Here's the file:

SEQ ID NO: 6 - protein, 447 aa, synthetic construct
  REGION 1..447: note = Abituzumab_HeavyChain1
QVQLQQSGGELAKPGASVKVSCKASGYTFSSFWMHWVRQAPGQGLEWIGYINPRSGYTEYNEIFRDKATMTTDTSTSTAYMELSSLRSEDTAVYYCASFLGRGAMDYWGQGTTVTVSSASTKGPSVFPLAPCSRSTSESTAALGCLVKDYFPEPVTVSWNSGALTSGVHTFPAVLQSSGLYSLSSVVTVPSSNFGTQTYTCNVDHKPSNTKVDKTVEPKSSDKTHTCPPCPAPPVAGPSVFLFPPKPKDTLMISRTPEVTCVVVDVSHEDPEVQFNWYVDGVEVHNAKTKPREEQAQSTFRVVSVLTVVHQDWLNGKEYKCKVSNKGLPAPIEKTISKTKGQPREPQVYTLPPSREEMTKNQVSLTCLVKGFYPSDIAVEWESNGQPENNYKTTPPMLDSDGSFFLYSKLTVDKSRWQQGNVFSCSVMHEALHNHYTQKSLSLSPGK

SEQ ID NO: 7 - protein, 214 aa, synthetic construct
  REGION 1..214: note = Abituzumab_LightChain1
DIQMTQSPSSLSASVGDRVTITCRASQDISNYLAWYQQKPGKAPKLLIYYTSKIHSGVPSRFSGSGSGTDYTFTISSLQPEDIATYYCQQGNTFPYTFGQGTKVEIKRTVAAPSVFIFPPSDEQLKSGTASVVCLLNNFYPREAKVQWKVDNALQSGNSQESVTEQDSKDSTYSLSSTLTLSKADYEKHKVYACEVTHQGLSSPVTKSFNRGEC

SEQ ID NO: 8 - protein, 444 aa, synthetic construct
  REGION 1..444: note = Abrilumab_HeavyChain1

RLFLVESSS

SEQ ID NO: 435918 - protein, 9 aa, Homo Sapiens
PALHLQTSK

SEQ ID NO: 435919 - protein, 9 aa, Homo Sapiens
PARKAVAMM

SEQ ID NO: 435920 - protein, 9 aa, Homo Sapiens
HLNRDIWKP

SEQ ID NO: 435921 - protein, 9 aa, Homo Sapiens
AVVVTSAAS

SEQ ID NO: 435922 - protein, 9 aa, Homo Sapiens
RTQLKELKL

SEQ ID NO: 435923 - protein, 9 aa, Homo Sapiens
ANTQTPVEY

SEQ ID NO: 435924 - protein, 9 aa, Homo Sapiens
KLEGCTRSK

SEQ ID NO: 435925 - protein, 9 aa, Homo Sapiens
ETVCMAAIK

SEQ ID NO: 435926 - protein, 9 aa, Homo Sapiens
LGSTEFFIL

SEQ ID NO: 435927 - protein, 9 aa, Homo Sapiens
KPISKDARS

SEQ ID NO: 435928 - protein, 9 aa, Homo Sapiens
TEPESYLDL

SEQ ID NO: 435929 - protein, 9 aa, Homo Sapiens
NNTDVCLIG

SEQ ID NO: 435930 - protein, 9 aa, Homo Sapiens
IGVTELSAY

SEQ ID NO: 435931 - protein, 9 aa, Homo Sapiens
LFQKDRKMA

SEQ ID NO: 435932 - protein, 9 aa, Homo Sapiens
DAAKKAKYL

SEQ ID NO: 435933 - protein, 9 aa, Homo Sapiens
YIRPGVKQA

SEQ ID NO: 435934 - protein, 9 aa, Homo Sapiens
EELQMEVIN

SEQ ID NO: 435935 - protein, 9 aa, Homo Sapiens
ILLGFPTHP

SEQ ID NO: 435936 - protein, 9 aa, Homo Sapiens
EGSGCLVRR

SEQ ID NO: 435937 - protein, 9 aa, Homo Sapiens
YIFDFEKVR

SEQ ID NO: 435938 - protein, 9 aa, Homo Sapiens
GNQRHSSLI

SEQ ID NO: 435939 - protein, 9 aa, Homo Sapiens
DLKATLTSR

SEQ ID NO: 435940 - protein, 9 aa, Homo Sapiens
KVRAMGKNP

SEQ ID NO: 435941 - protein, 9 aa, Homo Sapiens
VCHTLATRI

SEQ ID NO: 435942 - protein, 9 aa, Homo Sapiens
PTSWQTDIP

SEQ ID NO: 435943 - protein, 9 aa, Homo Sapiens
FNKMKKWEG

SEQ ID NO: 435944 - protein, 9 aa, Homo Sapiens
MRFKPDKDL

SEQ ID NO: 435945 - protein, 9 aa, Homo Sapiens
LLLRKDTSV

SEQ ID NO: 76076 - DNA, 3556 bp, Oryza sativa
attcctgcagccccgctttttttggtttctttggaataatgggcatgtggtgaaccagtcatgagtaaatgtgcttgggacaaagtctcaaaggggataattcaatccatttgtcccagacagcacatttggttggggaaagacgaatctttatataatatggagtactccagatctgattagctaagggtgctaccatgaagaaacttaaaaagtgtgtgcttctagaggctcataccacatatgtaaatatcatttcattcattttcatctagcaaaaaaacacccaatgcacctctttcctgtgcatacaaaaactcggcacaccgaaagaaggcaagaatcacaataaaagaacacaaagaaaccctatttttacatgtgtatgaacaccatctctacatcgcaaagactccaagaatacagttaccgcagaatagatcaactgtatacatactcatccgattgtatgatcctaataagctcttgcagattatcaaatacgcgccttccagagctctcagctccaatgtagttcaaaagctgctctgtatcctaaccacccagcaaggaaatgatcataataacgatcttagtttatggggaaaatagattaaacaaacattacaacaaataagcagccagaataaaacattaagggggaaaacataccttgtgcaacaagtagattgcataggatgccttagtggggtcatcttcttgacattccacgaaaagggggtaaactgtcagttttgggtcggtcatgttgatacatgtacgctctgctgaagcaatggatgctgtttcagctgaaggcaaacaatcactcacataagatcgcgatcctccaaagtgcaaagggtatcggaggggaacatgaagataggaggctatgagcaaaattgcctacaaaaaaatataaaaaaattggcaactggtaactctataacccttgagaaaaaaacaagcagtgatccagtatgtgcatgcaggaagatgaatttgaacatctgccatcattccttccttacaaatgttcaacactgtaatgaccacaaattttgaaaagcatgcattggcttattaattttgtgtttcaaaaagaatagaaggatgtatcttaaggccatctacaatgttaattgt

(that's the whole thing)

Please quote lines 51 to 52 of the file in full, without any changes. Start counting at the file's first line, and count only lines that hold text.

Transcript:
GNQRHSSLI

SEQ ID NO: 435939 - protein, 9 aa, Homo Sapiens